10 out of 11 people found the following review useful:
A Formalist Refusal
meddlecore from Canada
27 September 2005
This short film is Godard's message to the people of Lausanne,
specifically Freddy Buache, giving his reasons why he will not make a
film about their town's 500th anniversary.
First Godard expresses his frustration with the town. When attempting
to film on the side of a highway, they were forced to stop filming by
the local authorities. The officer said they could only stop for an
emergency. Godard replied that it was an emergency because the light
was perfect. The officer wasn't understanding, and Godard complains
that it could take 5 years of shooting to get the necessary lighting
He continues by saying that he can sum up the film in three shots.
Green...a shade of gray...and blue. For this people have called him
dishonest and , and he makes them realize he knows, repeatedly. He then
goes onto to justify his reasons. He describes how lower Lausanne
begins at the water, and upper Lausanne rises to the sky and the
mountains, but the people have came together in the middle and all the
periphery has been lost.
He tells how the shots need only be long enough to show the transfer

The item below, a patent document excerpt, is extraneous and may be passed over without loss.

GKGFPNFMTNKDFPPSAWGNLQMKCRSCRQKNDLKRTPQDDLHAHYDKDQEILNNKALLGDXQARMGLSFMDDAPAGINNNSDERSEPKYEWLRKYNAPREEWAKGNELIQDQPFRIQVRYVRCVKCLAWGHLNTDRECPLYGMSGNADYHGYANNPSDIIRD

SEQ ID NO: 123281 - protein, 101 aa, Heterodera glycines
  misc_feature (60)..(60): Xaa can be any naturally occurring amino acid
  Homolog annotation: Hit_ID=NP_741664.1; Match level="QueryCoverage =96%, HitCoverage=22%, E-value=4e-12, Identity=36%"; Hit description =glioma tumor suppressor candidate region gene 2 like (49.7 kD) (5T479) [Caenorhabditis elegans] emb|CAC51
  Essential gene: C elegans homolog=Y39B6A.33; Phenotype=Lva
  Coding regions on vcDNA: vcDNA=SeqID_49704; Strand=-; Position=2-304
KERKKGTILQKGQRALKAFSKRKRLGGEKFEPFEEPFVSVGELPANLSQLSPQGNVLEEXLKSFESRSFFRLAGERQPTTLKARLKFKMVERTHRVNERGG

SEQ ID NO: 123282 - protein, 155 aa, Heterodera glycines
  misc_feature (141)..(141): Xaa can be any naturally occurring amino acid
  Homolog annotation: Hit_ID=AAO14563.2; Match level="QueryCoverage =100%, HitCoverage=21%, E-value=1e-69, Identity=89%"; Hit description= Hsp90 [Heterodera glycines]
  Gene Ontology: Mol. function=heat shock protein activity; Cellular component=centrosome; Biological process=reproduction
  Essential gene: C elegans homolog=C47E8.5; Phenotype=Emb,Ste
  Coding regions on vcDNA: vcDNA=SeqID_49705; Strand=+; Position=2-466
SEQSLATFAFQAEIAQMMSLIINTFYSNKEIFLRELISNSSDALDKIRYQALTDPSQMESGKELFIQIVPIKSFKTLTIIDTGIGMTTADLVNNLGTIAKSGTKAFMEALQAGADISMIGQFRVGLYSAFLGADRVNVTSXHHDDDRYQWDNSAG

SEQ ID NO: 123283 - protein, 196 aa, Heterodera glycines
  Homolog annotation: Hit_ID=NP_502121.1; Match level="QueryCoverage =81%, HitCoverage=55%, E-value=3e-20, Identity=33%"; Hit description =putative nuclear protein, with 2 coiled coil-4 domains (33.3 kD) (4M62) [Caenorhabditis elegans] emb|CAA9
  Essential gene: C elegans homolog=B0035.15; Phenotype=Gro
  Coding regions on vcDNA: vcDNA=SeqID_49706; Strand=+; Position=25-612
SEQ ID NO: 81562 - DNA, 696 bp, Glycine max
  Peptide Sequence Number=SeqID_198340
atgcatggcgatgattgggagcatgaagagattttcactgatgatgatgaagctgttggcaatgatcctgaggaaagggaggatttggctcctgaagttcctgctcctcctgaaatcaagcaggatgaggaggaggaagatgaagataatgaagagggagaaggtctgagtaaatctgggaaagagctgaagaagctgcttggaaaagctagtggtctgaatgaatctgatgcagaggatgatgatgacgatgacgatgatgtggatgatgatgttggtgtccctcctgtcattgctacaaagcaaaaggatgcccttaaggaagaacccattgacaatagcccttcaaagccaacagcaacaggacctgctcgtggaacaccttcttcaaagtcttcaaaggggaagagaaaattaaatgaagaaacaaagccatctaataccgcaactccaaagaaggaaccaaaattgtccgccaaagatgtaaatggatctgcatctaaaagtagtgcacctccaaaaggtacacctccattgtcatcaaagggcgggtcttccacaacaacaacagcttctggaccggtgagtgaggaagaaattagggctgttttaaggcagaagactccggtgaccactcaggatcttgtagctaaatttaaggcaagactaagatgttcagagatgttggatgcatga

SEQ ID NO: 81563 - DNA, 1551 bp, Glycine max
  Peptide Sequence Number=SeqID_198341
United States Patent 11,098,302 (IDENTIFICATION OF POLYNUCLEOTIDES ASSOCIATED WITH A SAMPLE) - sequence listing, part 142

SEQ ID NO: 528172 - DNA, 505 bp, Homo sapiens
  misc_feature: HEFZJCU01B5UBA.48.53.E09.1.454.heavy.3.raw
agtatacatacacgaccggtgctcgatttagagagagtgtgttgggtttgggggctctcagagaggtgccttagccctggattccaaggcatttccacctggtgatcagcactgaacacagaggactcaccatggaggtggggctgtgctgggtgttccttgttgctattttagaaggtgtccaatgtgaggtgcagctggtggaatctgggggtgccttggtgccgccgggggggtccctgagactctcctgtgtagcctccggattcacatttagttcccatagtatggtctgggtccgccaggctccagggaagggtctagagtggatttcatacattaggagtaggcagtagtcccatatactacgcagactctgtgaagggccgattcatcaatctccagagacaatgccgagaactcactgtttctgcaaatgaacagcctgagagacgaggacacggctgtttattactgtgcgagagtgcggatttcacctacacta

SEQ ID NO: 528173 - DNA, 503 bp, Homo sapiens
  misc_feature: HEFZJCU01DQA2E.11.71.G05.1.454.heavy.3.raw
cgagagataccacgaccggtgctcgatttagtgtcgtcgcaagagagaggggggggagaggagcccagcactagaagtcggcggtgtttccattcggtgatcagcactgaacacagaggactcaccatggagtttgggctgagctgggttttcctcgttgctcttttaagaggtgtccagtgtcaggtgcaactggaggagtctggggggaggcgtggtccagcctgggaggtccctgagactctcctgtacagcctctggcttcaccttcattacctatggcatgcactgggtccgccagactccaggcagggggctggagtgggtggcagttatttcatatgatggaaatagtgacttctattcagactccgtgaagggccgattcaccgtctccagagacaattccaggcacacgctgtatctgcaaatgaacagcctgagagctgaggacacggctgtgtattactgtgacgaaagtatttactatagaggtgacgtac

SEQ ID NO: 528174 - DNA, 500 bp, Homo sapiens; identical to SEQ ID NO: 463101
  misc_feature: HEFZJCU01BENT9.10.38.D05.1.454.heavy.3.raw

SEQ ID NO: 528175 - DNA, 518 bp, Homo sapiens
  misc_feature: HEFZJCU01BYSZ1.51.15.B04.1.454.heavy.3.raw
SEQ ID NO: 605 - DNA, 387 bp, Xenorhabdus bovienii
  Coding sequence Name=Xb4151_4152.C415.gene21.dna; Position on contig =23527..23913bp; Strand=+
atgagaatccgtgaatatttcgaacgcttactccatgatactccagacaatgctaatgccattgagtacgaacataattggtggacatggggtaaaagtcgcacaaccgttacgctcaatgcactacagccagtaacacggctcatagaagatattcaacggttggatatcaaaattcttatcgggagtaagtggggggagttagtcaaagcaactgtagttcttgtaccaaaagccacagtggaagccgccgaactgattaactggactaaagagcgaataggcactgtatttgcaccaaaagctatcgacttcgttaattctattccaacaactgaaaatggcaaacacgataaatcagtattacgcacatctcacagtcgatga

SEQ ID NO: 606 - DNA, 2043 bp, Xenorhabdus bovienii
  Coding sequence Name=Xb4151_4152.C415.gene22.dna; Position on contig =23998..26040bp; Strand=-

from green to blue as it passes through gray. As we move through a
multitude of different examples showing how this shift could be
portrayed, through the eyes of Jean-Luc Godard, he discusses his
cinematic and philosophical reasons why this film, consisting of three
shots, is effective. Citing literary analogies; proposing that the gray
represents the eternity that is those trapped in the middle's reality;
saying that stylistically it needn't be more than form and colours; and
that we must escape from the documentary and examine ourselves
scientifically. This is what he hopes to achieve, and all that he feels
he needs to do in order to capture the essence of Lausanne. I for one
am convinced, but really know nothing about the town.
This is what you get for asking a formalist director to do a
documentary on your town - a formalist response. This film reminded me
of some of the earlier works of Peter Greenaway. Anyone who is a fan of
Godard, Greenaway or other formalist directors should enjoy this film,
which runs about 10mins 30secs in length. I give it a 9 out of 10, as I
couldn't think of a better way to refute the offer.
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